The Bookman series by John Dunning has been my latest passion. I first read about this series in a very cool new magazine we’re getting at the library called Bookmarks, which is all about books and reading. Anyway, I love stories about books. Sounds weird, huh? I freely admit I am a book geek. I loved Codex by Lev Grossman, The Codex by Douglas Preston, and several other mysteries featuring bibliophiles. However, the Bookman series is just the best by far. The protagonist, Cliff Janeway, is a former Denver police detective who harbors a sincere passion for books. The first in the series, Booked to Die, features Janeway still in his role as police detective, but included in the story are the events that occur which end his police career and begin his career as a book collector and seller. Sprinkled throughout all the stories are bits and pieces of eclectic information about books, what makes them valuable, and what make people kill for them. I whipped through these books in record time and highly recommend them to anyone who, like me, loves books and mysteries.
The Know-It-All: One Man’s Humble Quest to Become the Smartest Person in the World by A.J. Reynolds. Reynolds, a staff writer for Entertainment Weekly and Esquire, decided one day to take on a task attempted by his genius father (who, incidentally, calculated the speed of light in fathoms so he would be the only person in the world to have that esoteric information) and spent a year reading every volume of the Encyclopedia Britannica. Why, you ask? Apparently, Mr. Reynolds, who firmly believed he was the smartest boy in the world when he was a child, had begun to feel un-smart and thought it was time to bulk up the brain. The book started off being very entertaining. I could read it in snippets when I had a few extra minutes here and there, and it did alleviate the boredom of sitting in a few doctors offices. However, I quickly tired of the author’s cleverness. Sure, there are a few good entries that made me laugh out loud, but by the time I got into the J’s, I just found the whole thing incredibly annoying. But then, what do I know?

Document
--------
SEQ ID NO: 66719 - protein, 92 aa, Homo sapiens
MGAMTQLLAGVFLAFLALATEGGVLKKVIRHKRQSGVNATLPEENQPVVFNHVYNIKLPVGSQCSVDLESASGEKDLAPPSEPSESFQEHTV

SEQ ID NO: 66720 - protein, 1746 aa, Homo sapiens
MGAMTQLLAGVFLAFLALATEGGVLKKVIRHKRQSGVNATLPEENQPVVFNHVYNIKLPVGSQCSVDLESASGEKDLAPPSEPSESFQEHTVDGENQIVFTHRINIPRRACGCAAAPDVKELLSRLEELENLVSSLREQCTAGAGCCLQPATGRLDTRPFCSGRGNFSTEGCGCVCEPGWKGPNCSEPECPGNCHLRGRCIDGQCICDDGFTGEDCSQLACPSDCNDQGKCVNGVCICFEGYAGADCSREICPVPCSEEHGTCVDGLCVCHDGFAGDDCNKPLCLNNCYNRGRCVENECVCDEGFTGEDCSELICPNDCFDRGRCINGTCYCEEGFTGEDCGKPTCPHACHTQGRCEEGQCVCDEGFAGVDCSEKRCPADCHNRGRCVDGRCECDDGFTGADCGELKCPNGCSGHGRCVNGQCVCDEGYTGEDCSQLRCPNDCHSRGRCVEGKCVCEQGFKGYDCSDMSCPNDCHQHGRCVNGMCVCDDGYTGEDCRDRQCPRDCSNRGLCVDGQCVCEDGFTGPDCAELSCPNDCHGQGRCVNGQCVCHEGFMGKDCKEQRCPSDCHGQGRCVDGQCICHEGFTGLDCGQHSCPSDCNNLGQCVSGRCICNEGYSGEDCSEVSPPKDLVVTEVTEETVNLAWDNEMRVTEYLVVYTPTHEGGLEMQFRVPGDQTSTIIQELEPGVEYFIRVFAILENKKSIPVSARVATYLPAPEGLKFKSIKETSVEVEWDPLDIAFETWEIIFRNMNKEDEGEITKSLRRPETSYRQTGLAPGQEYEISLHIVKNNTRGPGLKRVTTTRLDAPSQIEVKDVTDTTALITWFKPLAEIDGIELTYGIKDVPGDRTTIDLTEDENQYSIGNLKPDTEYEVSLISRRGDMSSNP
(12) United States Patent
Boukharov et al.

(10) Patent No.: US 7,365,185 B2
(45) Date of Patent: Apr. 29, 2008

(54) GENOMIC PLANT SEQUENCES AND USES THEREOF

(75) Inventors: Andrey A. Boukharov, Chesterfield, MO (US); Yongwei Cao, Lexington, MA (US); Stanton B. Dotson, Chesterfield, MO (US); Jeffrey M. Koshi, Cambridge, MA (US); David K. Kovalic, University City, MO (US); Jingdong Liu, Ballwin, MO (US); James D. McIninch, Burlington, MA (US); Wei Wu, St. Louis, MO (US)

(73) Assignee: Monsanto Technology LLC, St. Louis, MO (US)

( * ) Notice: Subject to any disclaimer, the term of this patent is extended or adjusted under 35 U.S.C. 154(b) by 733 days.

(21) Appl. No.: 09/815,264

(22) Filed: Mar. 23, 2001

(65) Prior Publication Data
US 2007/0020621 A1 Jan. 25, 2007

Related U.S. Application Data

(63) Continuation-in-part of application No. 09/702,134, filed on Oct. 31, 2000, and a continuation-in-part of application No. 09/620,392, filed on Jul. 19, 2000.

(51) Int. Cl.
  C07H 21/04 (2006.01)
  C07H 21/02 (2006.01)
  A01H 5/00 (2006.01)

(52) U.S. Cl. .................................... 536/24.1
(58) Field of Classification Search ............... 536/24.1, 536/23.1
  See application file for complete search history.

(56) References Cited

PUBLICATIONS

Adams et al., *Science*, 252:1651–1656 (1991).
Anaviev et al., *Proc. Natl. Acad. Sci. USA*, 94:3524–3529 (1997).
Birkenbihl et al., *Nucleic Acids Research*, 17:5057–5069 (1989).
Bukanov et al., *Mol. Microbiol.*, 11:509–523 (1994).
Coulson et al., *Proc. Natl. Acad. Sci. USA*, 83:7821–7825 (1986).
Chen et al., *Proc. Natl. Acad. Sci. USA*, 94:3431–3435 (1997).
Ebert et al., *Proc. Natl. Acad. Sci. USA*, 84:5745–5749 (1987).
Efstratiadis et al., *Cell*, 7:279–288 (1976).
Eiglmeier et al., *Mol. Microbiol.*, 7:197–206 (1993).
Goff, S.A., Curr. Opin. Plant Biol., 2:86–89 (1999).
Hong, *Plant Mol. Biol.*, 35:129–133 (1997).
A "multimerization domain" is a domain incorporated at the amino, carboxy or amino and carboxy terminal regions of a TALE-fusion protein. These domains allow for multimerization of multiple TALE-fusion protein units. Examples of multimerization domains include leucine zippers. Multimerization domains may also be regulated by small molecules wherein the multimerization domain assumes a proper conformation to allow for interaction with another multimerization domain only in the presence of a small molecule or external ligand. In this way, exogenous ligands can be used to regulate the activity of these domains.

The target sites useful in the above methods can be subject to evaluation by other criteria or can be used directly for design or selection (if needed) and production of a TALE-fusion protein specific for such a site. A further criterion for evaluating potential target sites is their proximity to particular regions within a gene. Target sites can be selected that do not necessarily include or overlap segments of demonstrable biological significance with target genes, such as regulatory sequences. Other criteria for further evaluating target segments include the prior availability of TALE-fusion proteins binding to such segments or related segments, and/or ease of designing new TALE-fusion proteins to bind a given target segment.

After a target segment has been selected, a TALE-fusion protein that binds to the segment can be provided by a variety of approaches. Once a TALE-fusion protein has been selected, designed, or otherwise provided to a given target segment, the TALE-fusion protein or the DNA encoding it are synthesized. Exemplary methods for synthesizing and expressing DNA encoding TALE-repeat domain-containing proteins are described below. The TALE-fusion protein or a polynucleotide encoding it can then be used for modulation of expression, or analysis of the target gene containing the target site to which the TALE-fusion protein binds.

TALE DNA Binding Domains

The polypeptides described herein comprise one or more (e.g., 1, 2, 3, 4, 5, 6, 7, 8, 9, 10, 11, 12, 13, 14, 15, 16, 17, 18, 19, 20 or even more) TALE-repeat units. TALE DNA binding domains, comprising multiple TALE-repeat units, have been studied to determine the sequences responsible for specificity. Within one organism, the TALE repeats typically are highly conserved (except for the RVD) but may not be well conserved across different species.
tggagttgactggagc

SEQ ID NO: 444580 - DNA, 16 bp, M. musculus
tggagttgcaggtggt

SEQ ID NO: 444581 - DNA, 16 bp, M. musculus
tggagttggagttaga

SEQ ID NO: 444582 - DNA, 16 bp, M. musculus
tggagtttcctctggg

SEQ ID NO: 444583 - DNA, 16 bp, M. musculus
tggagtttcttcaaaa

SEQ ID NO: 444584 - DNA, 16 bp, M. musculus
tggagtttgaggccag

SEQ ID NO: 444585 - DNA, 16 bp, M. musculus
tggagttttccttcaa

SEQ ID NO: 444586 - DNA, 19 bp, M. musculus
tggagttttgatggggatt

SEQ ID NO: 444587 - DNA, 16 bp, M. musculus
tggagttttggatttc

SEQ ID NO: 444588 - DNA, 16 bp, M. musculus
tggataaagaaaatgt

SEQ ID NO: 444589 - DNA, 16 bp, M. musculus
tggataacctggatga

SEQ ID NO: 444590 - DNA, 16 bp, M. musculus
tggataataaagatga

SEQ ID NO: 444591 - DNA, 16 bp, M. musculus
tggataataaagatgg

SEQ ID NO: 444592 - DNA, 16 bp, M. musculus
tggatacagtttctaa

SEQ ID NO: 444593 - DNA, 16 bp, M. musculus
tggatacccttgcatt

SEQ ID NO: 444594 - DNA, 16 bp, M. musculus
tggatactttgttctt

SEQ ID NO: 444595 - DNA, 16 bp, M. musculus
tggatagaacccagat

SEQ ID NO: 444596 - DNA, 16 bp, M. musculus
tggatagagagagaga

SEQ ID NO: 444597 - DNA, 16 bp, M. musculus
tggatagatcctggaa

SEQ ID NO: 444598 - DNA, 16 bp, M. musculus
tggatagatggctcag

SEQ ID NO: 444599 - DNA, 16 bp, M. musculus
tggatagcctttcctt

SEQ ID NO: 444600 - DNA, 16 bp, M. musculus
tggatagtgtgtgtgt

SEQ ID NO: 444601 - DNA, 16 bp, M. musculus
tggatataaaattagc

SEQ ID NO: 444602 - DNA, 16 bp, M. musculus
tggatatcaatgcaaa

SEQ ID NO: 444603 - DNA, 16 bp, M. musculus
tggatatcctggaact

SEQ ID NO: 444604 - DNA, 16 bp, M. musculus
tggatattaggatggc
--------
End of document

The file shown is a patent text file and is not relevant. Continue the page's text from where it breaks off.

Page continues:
Lamb: The Gospel According to Biff, Christ’s Childhood Pal by Christopher Moore. “The birth of Jesus has been well chronicled, as have his glorious teachings, acts, and divine sacrifice after his thirtieth birthday. But no one knows about the early life of the Son of God, the missing years – except Biff. Ever since the day when he came upon six-year-old Joshua of Nazareth resurrecting lizards in the village square, Levi bar Alphaeus, called “Biff,” had the distinction of being the Messiah’s best bud. That’s why the angel Raziel has resurrected Biff from the dust of Jerusalem and brought him to America to write a new gospel, one that tells the real, untold story. Meanwhile, Raziel will order pizza, watch the WWF on TV, and aspire to become Spider-Man. Verily, the story Biff has to tell is a miraculous one, filled with remarkable journeys, magic, healings, kung fu, corpse reanimations, demons, and hot babes – whose considerable charms fall to Biff to sample, since Josh is forbidden the pleasures of the flesh. (There are worse things than having a best friend who is chaste and a chick magnet!) And, of course, there is danger at every turn, since a young man struggling to understand his godhood, who is incapable of violence or telling anything less than the truth, is certain to piss some people off. Luckily, Biff is a whiz at lying and cheating – which helps get his divine pal and him out of more than one jam. And while Josh’s great deeds and mission of peace will ultimately change the world, Biff is no slouch himself, blessing humanity with enduring contributions of his own, like sarcasm and cafe latte. Even the considerable wiles and devotion of the Savior’s pal may not be enough to divert Joshua from his tragic destiny. But there’s no one who loves Josh more – except maybe “Maggie,” Mary of Magdala – and Biff isn’t about to let his extraordinary pal suffer and ascend without a fight.” Moore’s work reminds me of John Irving’s early work. His story ideas are so fresh and original that I can’t keep away from his books. I thought Fluke was out there, but Lamb far surpasses the witty and fearless writing in that book. Despite the wry and often irreverent humor in Lamb, the life of the Christ simply shines. Moore has rooted out the best things about Christ and the beginnings of Christianity — such as forgiveness, bloodless sacrifice, and love — things that, 2000 odd years later, have in many ways been sucked out of the daily lives of the believers. A truly extraordinary book.